Even during my teenage kicks years I was never a natural festival goer. Maybe it’s down the fact that pitching a tent that doesn’t collapse within hours seems to be beyond my capabilities or maybe it’s down to me possessing the kind of pale skin that the average Goth fantasizes about. Certainly being someone who suffers badly from hay fever doesn’t help but mostly I think it’s down to the plain fact that music just sounds better in an enclosed space, preferably smallish, with decent soundcheck beforehand. It does, doesn’t it?

I could list a number of things that I dislike about the average music festival although I wouldn’t quite go along with Edwyn Collins’ ‘Yes, yes, yes, it’s the summer festival, the truly detestable summer festival’ lyric and I even once spent over a week at Stonehenge – a very interesting time albeit I’d struggle to name a single band that I actually enjoyed. I even trooped back the following year and by then – this was 1983 – I’d learned a valuable lesson, which was that a combination of scrumpy cider with magic mushroom tea is best avoided. In fact, it probably makes the Buckfast Challenge seem a sensible idea.

Despite having the reputation of being a hippy dippy festival where everyone wore tie-dyed clothing and discussed ley lines and chakras, Stonehenge was by this point attracting an element that were more Hate and War than Peace and Love. More and more hard drugs were being sold at the festival site and tooled up Hell’s Angels occasionally took great delight in attacking punks – although I never witnessed any aggro myself.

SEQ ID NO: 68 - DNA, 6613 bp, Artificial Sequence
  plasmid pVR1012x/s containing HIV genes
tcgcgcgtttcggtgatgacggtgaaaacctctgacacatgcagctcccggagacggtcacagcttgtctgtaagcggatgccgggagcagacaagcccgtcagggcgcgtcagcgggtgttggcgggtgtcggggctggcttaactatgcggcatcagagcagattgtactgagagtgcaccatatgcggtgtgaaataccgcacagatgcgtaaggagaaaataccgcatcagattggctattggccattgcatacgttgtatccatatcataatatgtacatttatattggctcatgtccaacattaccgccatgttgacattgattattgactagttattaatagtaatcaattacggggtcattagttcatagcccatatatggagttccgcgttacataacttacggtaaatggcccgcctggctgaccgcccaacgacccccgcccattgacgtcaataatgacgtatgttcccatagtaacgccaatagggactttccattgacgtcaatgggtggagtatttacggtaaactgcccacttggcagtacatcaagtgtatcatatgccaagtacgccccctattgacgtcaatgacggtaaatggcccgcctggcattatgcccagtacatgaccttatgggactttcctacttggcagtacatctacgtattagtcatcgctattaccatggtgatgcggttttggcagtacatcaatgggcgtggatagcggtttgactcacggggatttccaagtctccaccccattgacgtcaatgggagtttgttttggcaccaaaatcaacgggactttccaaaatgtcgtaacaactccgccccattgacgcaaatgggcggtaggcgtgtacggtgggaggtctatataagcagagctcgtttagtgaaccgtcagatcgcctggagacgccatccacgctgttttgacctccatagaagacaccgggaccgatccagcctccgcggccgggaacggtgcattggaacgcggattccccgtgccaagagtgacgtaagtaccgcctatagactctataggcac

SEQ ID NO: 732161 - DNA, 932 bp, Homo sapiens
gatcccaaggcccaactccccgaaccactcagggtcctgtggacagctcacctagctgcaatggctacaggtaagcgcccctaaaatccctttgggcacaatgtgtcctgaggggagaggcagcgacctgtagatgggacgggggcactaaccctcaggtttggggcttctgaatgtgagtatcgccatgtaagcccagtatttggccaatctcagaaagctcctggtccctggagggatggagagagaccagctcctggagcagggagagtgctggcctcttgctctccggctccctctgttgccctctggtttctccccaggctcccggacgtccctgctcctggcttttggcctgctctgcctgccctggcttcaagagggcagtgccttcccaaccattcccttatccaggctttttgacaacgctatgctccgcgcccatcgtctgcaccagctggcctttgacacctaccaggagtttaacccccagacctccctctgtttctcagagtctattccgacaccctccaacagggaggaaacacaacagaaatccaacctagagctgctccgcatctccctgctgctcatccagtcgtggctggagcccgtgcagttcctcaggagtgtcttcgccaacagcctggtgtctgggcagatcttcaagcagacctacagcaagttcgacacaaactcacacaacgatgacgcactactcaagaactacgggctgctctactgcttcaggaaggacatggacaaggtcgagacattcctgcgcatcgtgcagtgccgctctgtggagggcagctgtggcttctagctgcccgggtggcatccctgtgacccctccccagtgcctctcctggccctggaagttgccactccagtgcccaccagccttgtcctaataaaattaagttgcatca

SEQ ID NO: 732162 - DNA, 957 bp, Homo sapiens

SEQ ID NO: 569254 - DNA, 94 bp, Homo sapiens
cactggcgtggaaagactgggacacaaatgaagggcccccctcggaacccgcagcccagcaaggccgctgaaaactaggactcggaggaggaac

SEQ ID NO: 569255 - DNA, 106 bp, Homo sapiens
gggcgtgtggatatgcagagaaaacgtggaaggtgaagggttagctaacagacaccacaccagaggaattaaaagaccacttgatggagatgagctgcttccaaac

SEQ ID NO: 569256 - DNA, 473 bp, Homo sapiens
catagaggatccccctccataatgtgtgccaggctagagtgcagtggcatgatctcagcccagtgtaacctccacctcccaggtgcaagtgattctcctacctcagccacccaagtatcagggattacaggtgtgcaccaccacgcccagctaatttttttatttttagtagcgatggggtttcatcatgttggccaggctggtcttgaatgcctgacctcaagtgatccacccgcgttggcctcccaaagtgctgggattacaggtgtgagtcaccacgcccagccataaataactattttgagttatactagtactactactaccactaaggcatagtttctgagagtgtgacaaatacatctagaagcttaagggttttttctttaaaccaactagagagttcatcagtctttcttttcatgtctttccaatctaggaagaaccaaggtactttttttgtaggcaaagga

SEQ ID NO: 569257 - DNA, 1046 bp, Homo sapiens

Even with some badass bikers on the rampage, compared to the Loch Lomond Festival of 1980, Stonehenge could probably appear as reasonably harmonious.

Taking place in the Cameron Bear Park, the first Loch Lomond Festival apparently proved pretty successful although I was living dahn south and couldn’t attend. The line-up was impressive and included The Skids, The Stranglers, Dr Feelgood, Buzzcocks and The Boomtown Rats, who opened their set by airing their new single, I Don’t Like Mondays, live for the first time in Britain.

The following year’s festival, which I did attend, will probably be remembered more for the violence that took place on the Saturday rather than for the music, which is a pity because The Only Ones, Stiff Little Fingers and The Jam were all top notch.

Loch Lomond 1980

Throughout the day different factions fought running battles with each other. The Punks fought with the Skins, and the Mods fought with the Punks and the Mods fought with the Skins too, although I forget the exact sequence of the fisticuffs.

Before all that, in an attempt to skip in, my pal climbed a massive wire fence (described the year before in Sounds as ‘impregnable’) only to discover once he’d started his descent down the other side that there were a number of brown bears on the that side of the fence.

It was called Cameron Bear Park for a reason.

He decided to pay in.

Anyway, the atrociously named T in the Park celebrates its 21st birthday over the weekend – the first headliners back in 1994 being Rage Against the Machine and Blur, whose Parklife had only recently been knocked off the top of the British albums chart.

You’ve likely guessed that I won’t be there this time around but there are though a number of acts I would rather fancy seeing; primarily Pixies, Paul Weller, Wilko Johnson, John Cooper Clarke, Call to Mind, Vigo Thieves, Franz Ferdinand, The Stranglers and a couple of bands I’ve recently featured in this here blog, The Moon Kids and The Human League.

Fresh from playing a string of dates across Europe supporting Jack White, this bunch are also playing and will be taking to the BBC Introducing Stage at 8pm on Saturday. This is The Amazing Snakeheads live at the Bethnal Green Working Men’s Club a few months ago with I’m A Vampire.

Remember folks, anger is an energy.

For more on T in the Park click here.